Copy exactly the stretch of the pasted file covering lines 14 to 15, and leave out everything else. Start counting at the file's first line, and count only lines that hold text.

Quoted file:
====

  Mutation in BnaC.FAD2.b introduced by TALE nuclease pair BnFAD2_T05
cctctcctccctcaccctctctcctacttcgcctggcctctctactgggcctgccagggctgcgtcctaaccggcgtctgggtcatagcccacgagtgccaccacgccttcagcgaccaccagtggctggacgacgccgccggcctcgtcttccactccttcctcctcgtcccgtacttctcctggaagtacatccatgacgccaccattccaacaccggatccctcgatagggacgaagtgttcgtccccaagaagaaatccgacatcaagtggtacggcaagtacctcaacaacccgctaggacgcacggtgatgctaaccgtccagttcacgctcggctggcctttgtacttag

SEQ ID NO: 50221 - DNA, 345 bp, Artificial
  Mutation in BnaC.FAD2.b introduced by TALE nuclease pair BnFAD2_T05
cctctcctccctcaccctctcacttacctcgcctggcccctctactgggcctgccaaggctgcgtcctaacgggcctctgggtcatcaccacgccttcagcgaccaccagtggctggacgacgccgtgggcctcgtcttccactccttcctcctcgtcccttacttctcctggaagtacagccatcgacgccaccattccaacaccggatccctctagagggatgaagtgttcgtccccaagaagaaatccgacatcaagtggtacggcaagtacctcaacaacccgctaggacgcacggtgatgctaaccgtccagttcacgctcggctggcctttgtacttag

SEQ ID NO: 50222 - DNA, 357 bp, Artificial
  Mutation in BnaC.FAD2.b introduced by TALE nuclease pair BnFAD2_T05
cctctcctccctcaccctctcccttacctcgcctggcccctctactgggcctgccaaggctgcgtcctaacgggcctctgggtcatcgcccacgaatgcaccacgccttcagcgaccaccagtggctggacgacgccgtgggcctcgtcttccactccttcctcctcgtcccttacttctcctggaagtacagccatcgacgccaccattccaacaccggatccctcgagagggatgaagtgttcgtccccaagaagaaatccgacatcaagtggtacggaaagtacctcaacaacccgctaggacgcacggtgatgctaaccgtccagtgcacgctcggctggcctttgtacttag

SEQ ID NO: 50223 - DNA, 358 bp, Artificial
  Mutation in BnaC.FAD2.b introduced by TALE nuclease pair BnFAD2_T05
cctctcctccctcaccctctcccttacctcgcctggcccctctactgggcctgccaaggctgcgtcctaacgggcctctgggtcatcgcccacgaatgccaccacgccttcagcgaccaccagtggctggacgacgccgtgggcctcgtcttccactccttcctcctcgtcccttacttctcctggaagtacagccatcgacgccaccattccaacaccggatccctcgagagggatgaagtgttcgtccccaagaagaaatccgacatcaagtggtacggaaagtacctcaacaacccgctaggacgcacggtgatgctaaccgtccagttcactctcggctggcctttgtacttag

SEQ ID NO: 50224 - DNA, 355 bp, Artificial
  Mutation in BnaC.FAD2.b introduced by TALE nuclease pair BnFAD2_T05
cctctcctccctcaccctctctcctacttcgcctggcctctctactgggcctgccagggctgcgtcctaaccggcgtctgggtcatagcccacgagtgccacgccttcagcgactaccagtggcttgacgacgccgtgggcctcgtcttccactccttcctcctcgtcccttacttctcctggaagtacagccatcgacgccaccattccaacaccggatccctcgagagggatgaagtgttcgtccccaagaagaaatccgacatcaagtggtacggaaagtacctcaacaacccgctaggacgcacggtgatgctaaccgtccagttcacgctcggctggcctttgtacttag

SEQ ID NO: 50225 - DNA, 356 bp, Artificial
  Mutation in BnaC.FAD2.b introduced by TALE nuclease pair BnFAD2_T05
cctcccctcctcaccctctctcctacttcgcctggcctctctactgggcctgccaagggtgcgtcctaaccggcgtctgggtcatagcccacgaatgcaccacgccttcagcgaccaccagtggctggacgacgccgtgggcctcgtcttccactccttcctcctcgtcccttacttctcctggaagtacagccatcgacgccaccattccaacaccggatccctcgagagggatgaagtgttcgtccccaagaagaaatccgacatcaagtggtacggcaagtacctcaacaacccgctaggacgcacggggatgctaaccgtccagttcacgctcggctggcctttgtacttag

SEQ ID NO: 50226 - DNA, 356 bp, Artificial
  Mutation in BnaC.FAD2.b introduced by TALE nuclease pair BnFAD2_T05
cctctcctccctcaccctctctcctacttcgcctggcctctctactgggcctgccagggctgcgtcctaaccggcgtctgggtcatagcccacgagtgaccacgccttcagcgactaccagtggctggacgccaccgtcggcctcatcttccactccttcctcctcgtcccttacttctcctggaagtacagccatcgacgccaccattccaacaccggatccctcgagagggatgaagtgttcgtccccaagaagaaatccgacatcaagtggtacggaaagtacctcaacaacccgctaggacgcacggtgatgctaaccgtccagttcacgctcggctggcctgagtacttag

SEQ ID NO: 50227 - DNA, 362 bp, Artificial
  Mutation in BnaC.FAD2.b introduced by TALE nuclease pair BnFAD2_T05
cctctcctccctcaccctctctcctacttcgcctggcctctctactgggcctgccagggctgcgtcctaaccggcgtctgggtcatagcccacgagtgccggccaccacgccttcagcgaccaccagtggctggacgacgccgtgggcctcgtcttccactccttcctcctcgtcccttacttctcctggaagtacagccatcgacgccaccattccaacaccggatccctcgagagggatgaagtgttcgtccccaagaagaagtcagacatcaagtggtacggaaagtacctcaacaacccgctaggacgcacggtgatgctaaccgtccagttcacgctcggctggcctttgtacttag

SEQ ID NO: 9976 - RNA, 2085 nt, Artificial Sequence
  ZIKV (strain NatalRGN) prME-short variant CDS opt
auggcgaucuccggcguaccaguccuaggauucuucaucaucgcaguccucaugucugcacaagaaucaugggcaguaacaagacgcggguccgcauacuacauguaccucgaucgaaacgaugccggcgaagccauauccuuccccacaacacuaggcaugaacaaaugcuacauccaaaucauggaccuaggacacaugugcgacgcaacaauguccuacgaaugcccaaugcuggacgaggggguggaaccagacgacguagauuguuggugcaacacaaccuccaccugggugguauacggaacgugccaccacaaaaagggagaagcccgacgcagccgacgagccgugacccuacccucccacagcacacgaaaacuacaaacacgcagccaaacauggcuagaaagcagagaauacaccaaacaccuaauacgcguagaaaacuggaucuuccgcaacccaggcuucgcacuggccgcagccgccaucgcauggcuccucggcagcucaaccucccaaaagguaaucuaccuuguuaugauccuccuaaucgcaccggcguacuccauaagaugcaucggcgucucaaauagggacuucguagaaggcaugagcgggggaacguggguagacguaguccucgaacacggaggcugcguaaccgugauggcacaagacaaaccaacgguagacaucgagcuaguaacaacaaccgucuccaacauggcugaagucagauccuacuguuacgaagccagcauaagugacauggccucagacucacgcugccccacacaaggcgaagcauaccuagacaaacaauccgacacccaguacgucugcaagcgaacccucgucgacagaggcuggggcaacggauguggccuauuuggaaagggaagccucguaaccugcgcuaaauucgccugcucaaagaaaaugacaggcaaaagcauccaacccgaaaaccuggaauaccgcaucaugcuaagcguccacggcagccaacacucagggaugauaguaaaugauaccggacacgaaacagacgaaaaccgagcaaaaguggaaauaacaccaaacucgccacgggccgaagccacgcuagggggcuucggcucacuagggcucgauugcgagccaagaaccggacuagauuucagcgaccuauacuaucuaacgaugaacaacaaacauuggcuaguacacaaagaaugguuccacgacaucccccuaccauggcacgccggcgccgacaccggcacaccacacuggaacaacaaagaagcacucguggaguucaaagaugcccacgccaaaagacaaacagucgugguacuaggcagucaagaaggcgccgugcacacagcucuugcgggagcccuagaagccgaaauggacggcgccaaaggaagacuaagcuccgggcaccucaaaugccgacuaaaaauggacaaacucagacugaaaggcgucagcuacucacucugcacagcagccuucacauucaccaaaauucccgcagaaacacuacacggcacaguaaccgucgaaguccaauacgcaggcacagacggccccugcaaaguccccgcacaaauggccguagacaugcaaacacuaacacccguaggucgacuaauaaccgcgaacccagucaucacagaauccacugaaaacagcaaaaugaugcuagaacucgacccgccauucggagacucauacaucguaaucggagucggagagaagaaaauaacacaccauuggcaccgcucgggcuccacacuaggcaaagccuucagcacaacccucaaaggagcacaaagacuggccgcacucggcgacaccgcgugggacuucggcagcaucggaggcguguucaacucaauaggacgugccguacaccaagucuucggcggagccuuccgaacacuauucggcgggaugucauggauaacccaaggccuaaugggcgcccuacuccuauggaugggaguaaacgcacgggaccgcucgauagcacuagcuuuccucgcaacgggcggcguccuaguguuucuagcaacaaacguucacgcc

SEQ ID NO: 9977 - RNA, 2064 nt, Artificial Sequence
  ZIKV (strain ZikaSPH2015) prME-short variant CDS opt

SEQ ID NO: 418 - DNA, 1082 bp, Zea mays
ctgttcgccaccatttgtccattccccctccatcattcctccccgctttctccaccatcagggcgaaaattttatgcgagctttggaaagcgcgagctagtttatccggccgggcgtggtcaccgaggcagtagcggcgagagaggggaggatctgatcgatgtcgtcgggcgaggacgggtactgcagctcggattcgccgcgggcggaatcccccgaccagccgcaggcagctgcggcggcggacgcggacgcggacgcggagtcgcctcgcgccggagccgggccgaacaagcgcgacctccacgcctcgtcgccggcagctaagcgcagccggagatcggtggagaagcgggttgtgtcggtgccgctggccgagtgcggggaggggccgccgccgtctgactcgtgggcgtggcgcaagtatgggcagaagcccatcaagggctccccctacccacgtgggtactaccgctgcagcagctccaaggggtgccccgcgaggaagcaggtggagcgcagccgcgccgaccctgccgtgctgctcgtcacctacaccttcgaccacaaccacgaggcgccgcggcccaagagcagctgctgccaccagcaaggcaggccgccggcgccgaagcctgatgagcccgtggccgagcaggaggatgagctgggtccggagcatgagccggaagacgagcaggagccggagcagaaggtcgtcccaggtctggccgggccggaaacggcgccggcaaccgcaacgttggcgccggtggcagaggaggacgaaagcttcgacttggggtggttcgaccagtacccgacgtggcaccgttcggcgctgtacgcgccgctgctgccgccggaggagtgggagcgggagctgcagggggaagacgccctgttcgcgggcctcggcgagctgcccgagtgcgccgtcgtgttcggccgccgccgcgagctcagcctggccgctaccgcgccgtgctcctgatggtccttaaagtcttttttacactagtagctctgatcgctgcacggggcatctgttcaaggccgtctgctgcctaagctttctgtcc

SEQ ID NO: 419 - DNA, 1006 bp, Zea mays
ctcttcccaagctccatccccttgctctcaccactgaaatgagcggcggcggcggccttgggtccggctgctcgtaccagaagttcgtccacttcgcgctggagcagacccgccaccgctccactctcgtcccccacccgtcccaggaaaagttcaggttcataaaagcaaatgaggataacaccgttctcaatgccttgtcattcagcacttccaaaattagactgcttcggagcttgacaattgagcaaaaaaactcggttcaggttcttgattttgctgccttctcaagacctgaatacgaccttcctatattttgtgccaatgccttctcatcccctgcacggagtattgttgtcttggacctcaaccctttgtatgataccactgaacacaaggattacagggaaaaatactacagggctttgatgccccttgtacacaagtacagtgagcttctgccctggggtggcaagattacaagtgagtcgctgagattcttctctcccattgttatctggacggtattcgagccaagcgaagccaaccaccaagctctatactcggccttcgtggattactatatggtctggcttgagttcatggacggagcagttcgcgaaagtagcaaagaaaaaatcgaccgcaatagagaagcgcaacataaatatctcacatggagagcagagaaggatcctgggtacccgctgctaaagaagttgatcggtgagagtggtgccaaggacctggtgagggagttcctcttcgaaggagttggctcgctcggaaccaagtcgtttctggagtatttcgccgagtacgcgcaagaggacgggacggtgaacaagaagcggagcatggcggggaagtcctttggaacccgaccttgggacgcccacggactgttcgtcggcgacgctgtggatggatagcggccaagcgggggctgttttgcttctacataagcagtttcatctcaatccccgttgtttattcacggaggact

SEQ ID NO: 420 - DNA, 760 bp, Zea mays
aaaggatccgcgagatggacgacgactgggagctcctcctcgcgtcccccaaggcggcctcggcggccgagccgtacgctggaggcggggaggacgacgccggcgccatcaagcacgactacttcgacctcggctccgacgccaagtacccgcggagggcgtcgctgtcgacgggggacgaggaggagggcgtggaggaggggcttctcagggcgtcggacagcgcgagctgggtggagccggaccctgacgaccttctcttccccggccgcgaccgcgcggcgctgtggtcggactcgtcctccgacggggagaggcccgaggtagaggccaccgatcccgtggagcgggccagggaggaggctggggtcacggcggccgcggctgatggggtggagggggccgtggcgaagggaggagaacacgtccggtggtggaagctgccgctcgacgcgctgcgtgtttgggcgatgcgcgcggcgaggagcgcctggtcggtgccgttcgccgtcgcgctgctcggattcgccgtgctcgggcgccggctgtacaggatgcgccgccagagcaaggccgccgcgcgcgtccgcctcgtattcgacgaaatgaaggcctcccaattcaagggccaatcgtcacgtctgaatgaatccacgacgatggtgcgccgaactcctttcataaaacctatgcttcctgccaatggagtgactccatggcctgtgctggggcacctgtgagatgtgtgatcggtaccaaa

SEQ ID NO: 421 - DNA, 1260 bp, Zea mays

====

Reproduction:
cctctcctccctcaccctctctcctacttcgcctggcctctctactgggcctgccagggctgcgtcctaaccggcgtctgggtcatagcccacgagtgccacgccttcagcgactaccagtggcttgacgacgccgtgggcctcgtcttccactccttcctcctcgtcccttacttctcctggaagtacagccatcgacgccaccattccaacaccggatccctcgagagggatgaagtgttcgtccccaagaagaaatccgacatcaagtggtacggaaagtacctcaacaacccgctaggacgcacggtgatgctaaccgtccagttcacgctcggctggcctttgtacttag

SEQ ID NO: 50225 - DNA, 356 bp, Artificial